One other thought about CSN.   I’ve always felt the band name should have been different, not emphasizing the singer’s names, but more all-encompassing, to include original drummer Dallas Taylor and bassist Greg Reeves.  Perhaps with a more democratic name, they would have been more productive and prolific over the long term.  ‘Democracy’; yes, that would have been a good band name for CSN (and Y). 

Ok, enough background.   It’s time to discuss Ohio, which remains one of the top protest songs of all time.  This song has a sense of urgency, which indeed was the case, having been written and released almost immediately after the tragic events at Kent State on May 4, 1970.  This is the song that gave Crosby, Stills, Nash and Young their reputation, which as a band they would attempt futilely to match on numerous occasions in years hence.  But Ohio was perfect for the time it was penned, and much has to conspire to even have the opportunity of seizing the moment to write a classic protest song.  The aforementioned Woodstock Festival was only 9 months earlier, and there was a sense in the interim that a youth movement which emphasized peace in the face of war could actually win the day.  Disillusion was settling in, however:  At a time when there was hope that the Vietnam War was decelerating, President Nixon announced an incursion into neighboring Cambodia.  Kent State and other college-campus protests were a direct response to this.  The lingering effects of the Bobby Kennedy and Martin Luther King assassinations factored in as well.

And the establishment was starting to take this youth movement very seriously.  In some ways you could say they were successful in permanently squelching serious protest like that which took place at Kent State.  Although the reverberations were profound in the immediate aftermath, which included the biggest mass-campus strike in USA’s history, another Kent State never happened.   We would never again see the likes of students sticking flower stems into the gun barrels of the National Guard or the Guard in turn shooting those rifles at a crowd.  Life eventually returned to a sense of relative normalcy.  Flower Power was ebbing.  Kent State may have been its last hurrah.  I suppose brute force can do that.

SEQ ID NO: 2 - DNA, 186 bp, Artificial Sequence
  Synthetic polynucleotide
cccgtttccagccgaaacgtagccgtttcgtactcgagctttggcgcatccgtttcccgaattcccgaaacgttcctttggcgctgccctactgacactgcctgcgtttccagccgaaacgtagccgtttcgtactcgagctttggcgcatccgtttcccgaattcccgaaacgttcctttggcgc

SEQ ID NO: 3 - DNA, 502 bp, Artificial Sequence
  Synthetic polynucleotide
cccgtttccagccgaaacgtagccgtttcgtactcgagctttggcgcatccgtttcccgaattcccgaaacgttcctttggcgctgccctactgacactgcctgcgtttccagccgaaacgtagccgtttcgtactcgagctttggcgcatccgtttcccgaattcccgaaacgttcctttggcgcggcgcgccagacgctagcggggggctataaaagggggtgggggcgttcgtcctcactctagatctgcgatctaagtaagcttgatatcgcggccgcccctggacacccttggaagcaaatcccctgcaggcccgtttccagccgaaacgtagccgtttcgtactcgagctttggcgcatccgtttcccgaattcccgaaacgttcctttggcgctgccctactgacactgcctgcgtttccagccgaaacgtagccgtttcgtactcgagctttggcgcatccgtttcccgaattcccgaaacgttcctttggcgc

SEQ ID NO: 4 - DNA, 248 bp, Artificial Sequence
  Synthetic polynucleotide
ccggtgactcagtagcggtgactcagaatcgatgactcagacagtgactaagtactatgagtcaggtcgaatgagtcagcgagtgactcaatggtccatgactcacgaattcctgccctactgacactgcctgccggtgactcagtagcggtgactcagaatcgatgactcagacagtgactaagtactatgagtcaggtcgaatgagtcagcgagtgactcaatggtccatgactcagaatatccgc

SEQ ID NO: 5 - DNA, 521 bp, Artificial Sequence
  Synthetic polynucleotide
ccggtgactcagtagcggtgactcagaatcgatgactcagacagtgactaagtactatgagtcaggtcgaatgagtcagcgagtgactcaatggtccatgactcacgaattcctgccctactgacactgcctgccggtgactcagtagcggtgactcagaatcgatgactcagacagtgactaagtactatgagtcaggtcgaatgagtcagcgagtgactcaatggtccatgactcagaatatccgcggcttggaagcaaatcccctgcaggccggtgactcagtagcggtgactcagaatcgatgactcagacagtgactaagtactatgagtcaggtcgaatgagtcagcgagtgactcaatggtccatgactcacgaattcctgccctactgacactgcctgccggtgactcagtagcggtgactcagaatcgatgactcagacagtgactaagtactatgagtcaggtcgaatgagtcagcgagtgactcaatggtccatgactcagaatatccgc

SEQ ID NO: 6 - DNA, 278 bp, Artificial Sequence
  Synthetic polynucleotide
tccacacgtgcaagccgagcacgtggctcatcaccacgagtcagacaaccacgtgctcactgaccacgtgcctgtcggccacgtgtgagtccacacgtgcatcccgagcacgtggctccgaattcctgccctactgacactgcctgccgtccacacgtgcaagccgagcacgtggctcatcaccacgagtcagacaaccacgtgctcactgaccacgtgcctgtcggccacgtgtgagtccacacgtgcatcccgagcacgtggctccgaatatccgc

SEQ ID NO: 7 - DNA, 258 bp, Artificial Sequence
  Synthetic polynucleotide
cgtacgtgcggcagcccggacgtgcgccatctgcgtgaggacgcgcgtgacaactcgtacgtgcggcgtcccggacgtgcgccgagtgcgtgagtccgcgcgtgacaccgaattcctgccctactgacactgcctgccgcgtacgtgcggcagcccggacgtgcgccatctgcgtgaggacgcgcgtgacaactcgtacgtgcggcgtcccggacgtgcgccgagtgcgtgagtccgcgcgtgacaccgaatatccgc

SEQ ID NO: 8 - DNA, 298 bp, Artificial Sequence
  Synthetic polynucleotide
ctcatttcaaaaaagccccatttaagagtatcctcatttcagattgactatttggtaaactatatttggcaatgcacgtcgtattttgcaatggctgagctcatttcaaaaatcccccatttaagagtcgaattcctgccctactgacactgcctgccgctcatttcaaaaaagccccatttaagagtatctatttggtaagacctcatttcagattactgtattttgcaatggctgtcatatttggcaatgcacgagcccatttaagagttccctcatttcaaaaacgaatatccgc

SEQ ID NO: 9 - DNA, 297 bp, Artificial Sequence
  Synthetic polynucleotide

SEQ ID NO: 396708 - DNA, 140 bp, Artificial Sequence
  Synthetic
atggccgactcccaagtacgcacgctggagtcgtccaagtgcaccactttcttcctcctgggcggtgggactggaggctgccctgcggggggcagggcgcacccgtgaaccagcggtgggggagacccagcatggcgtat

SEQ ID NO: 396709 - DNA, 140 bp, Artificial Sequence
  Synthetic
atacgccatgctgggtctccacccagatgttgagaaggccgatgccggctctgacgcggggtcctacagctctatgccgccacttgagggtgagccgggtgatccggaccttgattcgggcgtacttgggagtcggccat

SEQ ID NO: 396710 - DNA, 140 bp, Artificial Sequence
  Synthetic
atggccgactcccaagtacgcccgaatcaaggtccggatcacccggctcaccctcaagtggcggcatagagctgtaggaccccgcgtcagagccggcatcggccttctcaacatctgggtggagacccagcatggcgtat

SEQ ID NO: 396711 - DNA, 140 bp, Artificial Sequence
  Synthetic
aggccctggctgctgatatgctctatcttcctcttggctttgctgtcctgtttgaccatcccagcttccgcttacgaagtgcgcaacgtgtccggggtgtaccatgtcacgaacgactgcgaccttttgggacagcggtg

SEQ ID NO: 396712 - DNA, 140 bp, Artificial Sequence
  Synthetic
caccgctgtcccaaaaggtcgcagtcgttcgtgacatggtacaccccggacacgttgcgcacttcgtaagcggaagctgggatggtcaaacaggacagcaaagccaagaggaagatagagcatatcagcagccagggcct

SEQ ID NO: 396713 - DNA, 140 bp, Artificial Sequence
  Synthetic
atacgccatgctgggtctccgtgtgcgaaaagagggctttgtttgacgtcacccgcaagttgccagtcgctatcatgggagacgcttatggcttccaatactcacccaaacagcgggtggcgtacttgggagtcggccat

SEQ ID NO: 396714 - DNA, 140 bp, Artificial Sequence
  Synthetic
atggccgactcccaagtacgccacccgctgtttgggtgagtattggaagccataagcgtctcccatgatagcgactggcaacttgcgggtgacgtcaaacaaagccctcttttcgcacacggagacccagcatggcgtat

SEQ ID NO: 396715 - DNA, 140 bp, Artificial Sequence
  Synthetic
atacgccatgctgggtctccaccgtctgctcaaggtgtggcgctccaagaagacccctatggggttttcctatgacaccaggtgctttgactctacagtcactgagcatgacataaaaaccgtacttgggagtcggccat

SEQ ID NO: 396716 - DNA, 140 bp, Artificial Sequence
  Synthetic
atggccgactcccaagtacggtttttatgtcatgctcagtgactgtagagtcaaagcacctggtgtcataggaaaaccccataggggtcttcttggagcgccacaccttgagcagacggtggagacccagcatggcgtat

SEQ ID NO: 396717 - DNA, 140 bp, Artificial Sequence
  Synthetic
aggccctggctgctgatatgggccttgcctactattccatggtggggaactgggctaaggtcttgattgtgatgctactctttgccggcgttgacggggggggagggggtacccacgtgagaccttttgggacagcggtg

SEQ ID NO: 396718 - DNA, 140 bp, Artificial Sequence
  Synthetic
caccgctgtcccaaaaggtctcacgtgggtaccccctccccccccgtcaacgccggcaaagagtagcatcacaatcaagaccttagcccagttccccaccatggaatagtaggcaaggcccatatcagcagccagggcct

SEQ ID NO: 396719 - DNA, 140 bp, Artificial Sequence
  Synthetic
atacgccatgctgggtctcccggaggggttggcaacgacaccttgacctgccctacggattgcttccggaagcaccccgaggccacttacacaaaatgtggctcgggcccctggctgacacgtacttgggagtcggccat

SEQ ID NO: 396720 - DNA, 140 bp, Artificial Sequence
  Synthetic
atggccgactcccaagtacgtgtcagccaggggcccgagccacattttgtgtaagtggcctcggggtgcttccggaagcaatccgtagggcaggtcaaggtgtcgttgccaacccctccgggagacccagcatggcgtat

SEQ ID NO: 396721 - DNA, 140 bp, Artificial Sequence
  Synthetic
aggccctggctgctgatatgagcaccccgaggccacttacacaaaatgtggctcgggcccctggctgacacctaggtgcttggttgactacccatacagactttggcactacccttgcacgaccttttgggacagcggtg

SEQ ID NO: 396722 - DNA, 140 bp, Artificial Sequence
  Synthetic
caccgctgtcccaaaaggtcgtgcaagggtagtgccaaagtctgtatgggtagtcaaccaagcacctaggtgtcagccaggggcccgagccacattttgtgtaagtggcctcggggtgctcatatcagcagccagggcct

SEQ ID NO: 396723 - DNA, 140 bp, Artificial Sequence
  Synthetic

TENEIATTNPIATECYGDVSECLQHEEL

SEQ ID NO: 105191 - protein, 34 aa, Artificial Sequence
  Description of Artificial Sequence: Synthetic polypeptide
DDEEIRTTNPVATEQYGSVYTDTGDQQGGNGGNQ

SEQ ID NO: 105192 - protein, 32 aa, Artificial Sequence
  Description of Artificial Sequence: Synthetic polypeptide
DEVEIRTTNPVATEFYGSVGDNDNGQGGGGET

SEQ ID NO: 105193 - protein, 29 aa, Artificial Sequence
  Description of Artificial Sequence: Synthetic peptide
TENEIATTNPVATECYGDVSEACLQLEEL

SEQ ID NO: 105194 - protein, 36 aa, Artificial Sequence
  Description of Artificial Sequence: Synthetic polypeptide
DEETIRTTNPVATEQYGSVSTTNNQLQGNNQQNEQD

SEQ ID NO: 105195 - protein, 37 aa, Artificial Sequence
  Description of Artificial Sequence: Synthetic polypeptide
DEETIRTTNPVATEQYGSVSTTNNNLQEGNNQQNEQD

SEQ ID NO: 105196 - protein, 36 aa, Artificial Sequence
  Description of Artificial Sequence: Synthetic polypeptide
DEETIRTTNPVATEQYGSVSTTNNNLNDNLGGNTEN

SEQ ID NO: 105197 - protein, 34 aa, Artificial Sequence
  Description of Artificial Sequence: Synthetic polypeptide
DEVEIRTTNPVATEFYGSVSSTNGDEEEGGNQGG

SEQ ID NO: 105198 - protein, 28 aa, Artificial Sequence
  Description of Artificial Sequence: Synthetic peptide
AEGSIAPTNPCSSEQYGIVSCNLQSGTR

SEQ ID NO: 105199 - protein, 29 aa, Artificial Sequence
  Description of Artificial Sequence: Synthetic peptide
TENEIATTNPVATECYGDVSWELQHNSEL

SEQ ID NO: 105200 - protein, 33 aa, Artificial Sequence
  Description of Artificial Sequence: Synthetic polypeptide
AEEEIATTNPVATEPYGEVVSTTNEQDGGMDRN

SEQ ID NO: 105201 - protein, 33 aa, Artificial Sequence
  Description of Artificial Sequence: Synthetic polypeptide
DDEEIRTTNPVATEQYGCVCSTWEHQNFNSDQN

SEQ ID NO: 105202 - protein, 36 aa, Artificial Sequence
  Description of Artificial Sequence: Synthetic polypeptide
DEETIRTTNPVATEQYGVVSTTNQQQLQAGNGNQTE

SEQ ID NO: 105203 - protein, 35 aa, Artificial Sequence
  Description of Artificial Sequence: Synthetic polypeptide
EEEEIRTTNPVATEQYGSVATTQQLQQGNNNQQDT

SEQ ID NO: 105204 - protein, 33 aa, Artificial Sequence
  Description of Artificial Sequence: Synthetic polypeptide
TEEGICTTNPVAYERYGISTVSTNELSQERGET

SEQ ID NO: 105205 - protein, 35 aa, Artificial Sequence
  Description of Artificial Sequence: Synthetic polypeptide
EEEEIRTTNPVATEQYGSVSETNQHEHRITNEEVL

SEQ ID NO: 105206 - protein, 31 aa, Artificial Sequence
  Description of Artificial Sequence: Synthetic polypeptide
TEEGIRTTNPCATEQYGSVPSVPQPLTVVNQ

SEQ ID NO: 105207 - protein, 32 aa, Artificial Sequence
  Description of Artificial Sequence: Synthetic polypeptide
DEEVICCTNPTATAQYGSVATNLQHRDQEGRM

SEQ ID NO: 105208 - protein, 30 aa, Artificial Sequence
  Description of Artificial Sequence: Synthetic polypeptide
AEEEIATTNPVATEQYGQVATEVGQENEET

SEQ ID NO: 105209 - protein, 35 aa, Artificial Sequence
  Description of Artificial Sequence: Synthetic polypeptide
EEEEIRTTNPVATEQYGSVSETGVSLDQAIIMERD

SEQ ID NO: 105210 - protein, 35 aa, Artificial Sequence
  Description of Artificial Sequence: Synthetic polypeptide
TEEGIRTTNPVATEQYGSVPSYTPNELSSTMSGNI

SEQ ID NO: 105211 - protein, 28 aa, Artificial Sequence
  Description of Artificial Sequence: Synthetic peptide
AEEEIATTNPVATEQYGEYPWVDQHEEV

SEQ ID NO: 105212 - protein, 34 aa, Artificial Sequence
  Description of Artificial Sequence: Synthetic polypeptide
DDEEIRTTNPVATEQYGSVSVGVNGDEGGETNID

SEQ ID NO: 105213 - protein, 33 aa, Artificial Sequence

But the music survived, and lived on in the burgeoning 70s youth generation that followed, including within myself.  Songs like Ohio did not fade away.  On the contrary, they thrived during this period.   We wanted more, and we were more than happy to support musicians like Neil Young in their efforts to keep creating good music.  Young and many other 60s songwriters obliged us.  I can’t think of many more carry-over examples than the one that played out through 70s youth, which allowed 60s rock icons to continue to deliver, be it in the studio or on the concert trail.  Many of them earned it with bold truth-seeking statements in the face of strong resistance.  We in turn recognized this merit, this worthiness, this badge of honor. 

There is much to love about Ohio, but the starkest part of the song for me is the ending, with David Crosby literally crying out lines of disgust: “Four!”, “How many?”, “How many more!”.  It’s raw and alive and as fresh hearing it now as it likely was when first recorded.  Crosby once stated that Young singing Nixon’s name in the song Ohio was one of the bravest things he ever heard.  It shows when you listen to his grieving appeals as the song fades.

I’d like to think the American spirit still has the potential for the type of galvanizing emotion displayed by Neil Young and his cohorts when put to the challenge.  Part of me hopes we will never find out.  Yet another part of me hopes we will, if only for the creative passion that can ensue.

-          Pete

No comments:

Post a Comment

Please feel free to comment: